Can You See Me Now? Why Cisco Thinks Video Is Set To Soar In The Enterprise1:05 PM EST Thu. Aug. 08, 2013
If the explosion of social media in the business world has told us anything, it's that younger generations can certainly shake things up in the workplace.
And just as it did with Facebook and Twitter, a new generation of managers is about to make videoconferencing in the enterprise more prevalent than ever.
According to Cisco's 2013 Global Young Executives' Video Attitudes Survey -- which surveyed more than 1,300 global executives under the age of 34 -- business-class video solutions are poised to take off big time over the course of the next five years. Here are a few of the study's most telling, and most shocking, findings.
If Cisco's findings prove anything, it's that the number of young executives planning to use video over the next five to 10 years is far from insignificant.
The survey found that three out of five executives under the age of 34, or roughly 61 percent of the survey-takers, have plans to leverage business-class video more heavily in the future. That number was even greater among workers who aspire to manage large teams -- meaning those with 51 or more members -- with 70 percent of those respondents saying they plan to adopt video in five to 10 years.
According to Cisco's findings, young executives are embracing video for a number of reasons, with 87 percent of overall respondents believing the technology will have a "significant and positive impact" on their organization.
The most common benefits of video cited by respondents were reading visual cues, to "be there" with colleagues and clients without travelling, and to share content in realtime. Other common benefits included reducing travel costs and enhancing the experience for telecommuters.
In addition, nearly nine out of 10 young executives said a company's investment in video is taken into consideration when they are looking at job offers. According to Cisco, respondents said that enterprisewide commitment to video technology makes them "feel like the company cares about using technology to fuel business growth."
Besides reduced travel costs and more "face time" with clients, Cisco's survey-takers said a major benefit of video is helping global organizations overcome language barriers.
In fact, of those respondents who said they've been challenged by language differences in their organizations, 94 percent of them said video could help. According to these executives, video helps overcome language differences by giving conference attendees visual cues, and allowing them to notice when others don't understand a concept. Video, versus voice solutions, tend to give conference-goers a better feel of how the conversation is going, and if everyone is on the same page, survey-takers said.
While Cisco's survey proved young executives have big plans for video, it also showed there are capabilities those executives would like to see in video solutions that they don't see today.
Fifty-four percent of respondents, for example, expressed an interest in being able to customize their video experience to a greater extent. Types of customization they're interested in include cutting a video recording from a meeting to share via social media tools, or being able to privately watch or scan content from earlier in a meeting to catch up after joining the meeting late.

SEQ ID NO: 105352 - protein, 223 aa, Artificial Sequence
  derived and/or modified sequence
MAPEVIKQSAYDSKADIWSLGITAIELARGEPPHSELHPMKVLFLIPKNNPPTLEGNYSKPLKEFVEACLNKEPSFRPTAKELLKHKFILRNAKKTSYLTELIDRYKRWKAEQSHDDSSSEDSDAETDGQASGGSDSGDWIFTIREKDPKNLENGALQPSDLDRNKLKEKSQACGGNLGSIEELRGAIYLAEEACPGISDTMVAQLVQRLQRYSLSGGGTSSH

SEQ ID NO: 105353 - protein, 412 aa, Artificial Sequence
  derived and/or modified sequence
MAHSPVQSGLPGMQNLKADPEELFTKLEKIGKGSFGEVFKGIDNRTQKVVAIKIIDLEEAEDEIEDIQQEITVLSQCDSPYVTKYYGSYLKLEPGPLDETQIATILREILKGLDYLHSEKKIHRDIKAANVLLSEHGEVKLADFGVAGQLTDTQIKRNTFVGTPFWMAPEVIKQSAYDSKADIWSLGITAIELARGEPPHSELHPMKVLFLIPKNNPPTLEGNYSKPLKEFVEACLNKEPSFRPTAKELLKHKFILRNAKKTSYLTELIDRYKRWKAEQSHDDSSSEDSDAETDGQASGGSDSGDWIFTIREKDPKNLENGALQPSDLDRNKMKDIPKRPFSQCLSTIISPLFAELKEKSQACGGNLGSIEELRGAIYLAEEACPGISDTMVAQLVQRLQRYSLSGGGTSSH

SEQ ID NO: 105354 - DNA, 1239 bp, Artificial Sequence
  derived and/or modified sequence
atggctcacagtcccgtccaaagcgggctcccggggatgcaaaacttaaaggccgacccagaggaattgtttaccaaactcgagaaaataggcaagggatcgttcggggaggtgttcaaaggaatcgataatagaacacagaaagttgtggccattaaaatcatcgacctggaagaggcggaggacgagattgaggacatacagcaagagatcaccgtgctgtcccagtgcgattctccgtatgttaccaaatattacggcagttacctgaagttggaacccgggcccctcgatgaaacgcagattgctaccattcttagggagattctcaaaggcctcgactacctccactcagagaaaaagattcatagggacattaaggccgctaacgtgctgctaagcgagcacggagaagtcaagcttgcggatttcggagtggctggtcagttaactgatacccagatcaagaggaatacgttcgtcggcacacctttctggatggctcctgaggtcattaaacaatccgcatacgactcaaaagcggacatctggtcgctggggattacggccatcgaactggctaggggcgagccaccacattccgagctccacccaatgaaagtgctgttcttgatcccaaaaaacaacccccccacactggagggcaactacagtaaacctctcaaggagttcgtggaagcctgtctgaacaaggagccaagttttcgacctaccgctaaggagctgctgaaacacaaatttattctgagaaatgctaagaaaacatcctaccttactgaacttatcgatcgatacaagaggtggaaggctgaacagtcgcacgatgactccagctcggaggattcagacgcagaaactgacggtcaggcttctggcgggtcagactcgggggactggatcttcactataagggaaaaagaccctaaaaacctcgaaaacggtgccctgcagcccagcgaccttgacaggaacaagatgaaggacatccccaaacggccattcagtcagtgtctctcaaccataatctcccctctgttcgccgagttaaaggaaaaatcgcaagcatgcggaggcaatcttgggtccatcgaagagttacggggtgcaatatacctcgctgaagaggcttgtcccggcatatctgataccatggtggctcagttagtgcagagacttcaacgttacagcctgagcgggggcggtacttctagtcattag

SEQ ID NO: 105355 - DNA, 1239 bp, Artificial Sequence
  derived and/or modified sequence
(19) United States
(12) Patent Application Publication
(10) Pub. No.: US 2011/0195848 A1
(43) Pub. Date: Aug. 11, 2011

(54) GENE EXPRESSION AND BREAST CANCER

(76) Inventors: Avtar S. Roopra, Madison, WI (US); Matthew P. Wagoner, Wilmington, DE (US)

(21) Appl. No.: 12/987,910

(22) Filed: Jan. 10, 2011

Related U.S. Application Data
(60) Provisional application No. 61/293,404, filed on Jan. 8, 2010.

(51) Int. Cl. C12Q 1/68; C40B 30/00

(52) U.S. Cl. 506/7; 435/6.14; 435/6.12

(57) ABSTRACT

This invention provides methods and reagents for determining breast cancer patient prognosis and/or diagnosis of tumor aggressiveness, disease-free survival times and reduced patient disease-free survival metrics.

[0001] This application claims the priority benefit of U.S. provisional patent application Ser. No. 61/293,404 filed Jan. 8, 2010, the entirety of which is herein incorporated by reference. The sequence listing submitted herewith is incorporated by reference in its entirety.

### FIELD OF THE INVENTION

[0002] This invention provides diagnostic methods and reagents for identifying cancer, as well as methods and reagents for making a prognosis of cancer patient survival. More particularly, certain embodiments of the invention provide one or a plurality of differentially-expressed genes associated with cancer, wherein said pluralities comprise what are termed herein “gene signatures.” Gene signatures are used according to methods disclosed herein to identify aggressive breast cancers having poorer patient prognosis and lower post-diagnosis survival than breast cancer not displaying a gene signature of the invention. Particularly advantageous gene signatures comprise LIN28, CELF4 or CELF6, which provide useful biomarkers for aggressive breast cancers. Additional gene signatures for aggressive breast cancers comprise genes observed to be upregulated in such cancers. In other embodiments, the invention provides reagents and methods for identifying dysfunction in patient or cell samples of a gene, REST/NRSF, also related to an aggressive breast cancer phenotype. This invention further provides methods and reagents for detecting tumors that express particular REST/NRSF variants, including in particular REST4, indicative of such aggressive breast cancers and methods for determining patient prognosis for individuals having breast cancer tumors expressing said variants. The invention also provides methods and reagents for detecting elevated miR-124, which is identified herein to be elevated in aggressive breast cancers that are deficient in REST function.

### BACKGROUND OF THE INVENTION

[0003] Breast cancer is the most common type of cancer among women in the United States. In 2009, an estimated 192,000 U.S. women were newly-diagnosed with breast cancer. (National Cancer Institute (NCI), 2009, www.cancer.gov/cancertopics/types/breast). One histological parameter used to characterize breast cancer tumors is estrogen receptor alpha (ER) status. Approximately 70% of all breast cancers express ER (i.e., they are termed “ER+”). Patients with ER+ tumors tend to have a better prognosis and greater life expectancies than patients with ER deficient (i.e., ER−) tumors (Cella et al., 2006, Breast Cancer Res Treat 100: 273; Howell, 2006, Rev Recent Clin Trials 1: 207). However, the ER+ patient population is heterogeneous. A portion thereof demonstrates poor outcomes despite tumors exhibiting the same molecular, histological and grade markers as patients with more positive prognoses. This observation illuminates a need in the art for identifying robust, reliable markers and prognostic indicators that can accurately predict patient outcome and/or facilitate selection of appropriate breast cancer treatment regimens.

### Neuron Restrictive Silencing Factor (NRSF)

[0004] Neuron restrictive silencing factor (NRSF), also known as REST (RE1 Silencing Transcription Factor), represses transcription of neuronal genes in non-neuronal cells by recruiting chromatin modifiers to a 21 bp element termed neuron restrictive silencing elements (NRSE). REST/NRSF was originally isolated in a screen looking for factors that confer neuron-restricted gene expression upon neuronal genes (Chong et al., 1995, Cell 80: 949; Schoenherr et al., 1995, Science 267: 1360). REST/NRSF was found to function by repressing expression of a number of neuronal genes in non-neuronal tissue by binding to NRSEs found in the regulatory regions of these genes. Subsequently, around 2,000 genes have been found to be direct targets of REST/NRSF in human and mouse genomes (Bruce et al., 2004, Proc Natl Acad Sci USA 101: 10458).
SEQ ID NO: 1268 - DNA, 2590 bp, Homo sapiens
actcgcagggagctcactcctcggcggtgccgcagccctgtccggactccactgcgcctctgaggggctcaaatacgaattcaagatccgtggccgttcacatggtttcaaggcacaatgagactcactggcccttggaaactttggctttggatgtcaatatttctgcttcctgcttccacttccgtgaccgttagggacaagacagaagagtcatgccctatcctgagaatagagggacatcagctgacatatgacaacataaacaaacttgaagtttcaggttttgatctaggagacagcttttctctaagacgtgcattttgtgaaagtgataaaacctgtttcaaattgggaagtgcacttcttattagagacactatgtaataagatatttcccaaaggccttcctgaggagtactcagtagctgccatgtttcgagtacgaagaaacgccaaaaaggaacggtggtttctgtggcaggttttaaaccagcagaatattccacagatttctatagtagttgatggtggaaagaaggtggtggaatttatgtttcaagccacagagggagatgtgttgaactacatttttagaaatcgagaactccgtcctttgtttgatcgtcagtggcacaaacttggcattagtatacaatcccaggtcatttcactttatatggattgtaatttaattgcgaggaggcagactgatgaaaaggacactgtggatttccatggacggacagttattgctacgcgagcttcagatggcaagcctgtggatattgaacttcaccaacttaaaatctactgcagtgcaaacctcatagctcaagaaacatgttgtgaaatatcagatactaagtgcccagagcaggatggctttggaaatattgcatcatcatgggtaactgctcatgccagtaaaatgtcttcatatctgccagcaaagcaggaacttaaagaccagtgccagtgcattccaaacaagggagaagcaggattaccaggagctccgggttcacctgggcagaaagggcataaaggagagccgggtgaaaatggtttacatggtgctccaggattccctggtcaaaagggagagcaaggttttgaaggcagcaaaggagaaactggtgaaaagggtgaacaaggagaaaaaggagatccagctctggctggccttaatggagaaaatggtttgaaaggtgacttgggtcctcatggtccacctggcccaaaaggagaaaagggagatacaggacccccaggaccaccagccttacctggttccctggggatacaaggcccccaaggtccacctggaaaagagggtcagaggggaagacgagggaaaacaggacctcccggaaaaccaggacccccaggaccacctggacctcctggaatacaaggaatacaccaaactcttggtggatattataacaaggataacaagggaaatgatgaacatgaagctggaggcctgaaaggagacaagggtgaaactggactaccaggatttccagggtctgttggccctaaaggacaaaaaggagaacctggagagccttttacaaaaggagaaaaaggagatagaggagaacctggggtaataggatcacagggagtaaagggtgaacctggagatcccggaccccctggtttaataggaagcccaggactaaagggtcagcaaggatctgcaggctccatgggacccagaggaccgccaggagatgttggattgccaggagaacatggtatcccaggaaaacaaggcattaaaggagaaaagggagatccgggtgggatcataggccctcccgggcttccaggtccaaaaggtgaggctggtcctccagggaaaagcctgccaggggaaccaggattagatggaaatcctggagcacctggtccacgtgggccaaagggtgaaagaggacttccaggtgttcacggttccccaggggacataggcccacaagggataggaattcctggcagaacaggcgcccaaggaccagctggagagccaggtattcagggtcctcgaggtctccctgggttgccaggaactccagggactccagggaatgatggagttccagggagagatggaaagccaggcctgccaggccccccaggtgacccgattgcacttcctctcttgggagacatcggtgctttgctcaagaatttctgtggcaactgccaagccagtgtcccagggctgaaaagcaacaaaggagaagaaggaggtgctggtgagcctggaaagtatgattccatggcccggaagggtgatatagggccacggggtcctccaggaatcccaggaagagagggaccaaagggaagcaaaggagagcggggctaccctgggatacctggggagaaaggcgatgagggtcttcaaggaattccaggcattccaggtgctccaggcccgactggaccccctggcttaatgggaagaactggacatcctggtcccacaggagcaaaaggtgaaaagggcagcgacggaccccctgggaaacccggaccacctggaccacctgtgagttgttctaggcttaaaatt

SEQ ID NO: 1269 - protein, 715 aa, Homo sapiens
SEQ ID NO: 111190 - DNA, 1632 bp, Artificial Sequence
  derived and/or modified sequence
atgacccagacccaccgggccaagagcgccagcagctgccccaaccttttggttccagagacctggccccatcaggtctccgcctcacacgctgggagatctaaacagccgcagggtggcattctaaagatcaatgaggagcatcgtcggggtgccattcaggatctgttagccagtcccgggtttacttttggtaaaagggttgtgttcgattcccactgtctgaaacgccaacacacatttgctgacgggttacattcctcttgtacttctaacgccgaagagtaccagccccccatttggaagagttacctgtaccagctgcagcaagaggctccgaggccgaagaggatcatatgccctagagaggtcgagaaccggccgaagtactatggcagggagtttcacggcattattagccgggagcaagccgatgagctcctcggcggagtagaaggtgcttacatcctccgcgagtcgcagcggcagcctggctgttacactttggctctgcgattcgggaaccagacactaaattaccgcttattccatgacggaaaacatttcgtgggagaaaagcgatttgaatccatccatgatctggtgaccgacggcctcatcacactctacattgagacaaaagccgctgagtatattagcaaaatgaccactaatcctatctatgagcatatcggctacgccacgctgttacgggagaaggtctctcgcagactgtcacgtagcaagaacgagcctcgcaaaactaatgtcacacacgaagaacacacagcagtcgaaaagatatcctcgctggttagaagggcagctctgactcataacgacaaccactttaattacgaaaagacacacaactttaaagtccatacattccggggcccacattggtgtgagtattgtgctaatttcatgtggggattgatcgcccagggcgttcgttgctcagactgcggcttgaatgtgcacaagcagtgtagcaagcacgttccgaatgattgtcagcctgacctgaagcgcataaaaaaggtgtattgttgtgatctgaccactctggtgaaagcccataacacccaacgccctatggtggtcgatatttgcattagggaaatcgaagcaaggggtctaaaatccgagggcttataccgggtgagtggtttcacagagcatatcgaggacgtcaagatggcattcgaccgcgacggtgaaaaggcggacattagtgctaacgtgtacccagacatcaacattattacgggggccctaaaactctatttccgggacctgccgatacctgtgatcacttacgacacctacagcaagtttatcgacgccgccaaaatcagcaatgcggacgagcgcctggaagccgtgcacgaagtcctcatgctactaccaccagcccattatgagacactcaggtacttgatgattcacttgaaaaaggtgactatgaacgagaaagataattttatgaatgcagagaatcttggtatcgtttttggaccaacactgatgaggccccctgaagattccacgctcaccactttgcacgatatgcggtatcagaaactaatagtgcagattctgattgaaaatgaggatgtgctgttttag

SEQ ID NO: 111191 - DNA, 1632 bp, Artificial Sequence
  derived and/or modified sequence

Twenty-one percent of respondents said they are interested in realtime language translations -- i.e., closed captioning for telepresence -- or pop-up bubbles that pull up background information on participants' LinkedIn.
The majority of young executives surveyed plan to use video over the next five to 10 years. But many of them also said they would use it more today if it were as simple to use, and as a pervasive, as other enterprise communication tools, like desk phones, mobile devices or email.
According to Cisco, 84 percent of survey-takers said they'd leverage video today for at least one out of every four interactions if it were easier to use and more readily available. Meanwhile, 53 percent considered themselves "would-be power users," who would use video for 50 to 100 percent of their non-face-to-face interactions if the technology were more pervasive.
As much as young executives value video, they also get fed up when its quality is low, Cisco's study found.
The majority of respondents, in fact, said they would rather not use video solutions at all than use them when performance seemed sub-par. According to the study, only 25 percent of respondents said low-quality video would be acceptable for internal meetings, 12 percent said it would be acceptable for customer meetings, and even a slimmer 10 percent said they would use a low-quality video solution for "critical communications," meaning conferences with board members or C-level executives.
While video may be the enterprise communication tool of the future, there are some instances, Cisco's study found, when employees shy away from the technology.
According to Cisco, the top five reasons for a young executive to opt out of a video call were having a messy office, personal appearance concerns, wanting to multitask, needing to eat, or just being generally uncomfortable on video.